Développement international Desjardins (DID)

In Mali, the FARM project led by Développement international Desjardins and SOCODEVI helps women access the financial services they need, adopt climate resilient farming practices and better connect with buyers and market opportunities.

As the global recession triggered by the COVID-19 pandemic threatens to set back progress in combating global poverty and hunger, new research suggests that two areas can be transformative in the empowerment of people experiencing poverty in the Global South.

Those two areas are women’s empowerment and agriculture.

Last year, a coalition representing more than 30 Canadian non-profits commissioned independent studies of six agriculture projects in West Africa run by civil society organizations that had received funding from the Canadian government. These projects supported farmers—women in particular—in getting training in climate-resilient farming techniques and ways to diversify their livelihoods, including easier access to finance and other resources necessary for improving their farms.   

Ramata Diarra is one of the many women farmers who were able to strengthen their self-confidence and leadership skills thanks to the FARM project in Mali. Photo courtesy of Développement international Desjardins (DID).

The study found that, in many cases, individuals and communities were still benefiting from the investment years after the projects had ended.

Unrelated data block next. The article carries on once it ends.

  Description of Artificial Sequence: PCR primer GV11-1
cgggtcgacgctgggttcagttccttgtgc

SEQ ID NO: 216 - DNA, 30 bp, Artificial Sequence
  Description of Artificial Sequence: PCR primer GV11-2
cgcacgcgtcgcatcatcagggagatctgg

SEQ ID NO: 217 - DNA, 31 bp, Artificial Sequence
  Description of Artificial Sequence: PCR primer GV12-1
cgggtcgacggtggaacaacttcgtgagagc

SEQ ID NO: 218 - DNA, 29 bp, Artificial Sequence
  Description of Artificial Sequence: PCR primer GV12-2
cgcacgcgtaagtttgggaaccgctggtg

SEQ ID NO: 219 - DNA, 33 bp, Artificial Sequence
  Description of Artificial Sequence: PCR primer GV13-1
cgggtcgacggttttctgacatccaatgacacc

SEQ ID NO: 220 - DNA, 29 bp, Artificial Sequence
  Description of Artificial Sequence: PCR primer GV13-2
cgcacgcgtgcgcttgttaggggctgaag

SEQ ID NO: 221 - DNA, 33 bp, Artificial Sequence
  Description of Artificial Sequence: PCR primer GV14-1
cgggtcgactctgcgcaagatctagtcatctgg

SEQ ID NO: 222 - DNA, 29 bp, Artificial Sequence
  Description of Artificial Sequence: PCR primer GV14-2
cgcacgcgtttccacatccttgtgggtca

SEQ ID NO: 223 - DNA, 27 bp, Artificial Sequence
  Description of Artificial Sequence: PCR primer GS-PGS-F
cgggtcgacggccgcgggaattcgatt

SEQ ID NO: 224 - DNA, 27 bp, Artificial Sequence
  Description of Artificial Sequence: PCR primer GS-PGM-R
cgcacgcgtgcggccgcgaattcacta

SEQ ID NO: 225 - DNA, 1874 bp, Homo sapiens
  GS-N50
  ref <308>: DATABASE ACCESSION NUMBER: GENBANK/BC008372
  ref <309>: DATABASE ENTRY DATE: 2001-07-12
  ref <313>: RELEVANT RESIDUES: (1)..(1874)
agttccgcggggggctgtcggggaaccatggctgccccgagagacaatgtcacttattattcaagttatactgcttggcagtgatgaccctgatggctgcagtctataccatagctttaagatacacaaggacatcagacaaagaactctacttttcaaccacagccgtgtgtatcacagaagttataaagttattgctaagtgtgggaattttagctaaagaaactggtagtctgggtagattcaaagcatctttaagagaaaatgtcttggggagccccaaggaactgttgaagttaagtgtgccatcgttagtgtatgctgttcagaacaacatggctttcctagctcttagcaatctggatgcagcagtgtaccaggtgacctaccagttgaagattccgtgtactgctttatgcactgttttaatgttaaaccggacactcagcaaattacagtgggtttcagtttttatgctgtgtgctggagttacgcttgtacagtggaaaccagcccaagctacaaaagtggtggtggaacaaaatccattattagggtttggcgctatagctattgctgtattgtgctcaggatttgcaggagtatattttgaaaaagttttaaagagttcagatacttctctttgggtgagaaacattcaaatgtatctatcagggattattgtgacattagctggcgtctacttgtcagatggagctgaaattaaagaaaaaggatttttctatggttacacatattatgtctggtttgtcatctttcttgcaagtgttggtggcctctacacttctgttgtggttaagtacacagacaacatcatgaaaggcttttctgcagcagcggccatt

In the farming village of Dougoulakoro in southern Mali, a group of women joined together to form a farmers’ association. They applied for and received a loan for about $5,500, thanks to a project led by two Quebec-based organizations, Développement international Desjardins and SOCODEVI. The women used the loan to purchase quality inputs for their onion farm. They received training in climate resilient farming practices. They were linked with buyers and market opportunities, and were given support in accessing financial services including financial education, savings, loans, and crop insurance.

“If it wasn't for the support of the FARM project, we wouldn't know what to do this year because we didn’t have the financial means to work the land.”

- Ramata Diarra

“If it wasn't for the support of the FARM project, we wouldn't know what to do this year because we didn’t have the financial means to work the land,” says Ramata Diarra, a young mother and the administrative secretary of the farmers’ association. Diarra says this year the women haven’t experienced the usual stresses they do during the farming season. With the income earned from their onion harvests, they’ve been able to improve their living conditions. One woman purchased a motorcycle. Another one purchased two tons of cement to start building a house.

Diarra also received training in public speaking, leadership, and communication, giving her confidence as a leader in her community.

Before the project, women didn’t have access to good land for growing onions; the best fields were farmed by men. But as men in the communities saw that the women could earn more money by growing onions, they began to allocate more land to women. In some instances, village chiefs appointed men to support the women farmers and make sure they were getting the resources they needed.

Since 2014, the FARM project has helped more than 20,000 farmers in Mali, primarily women.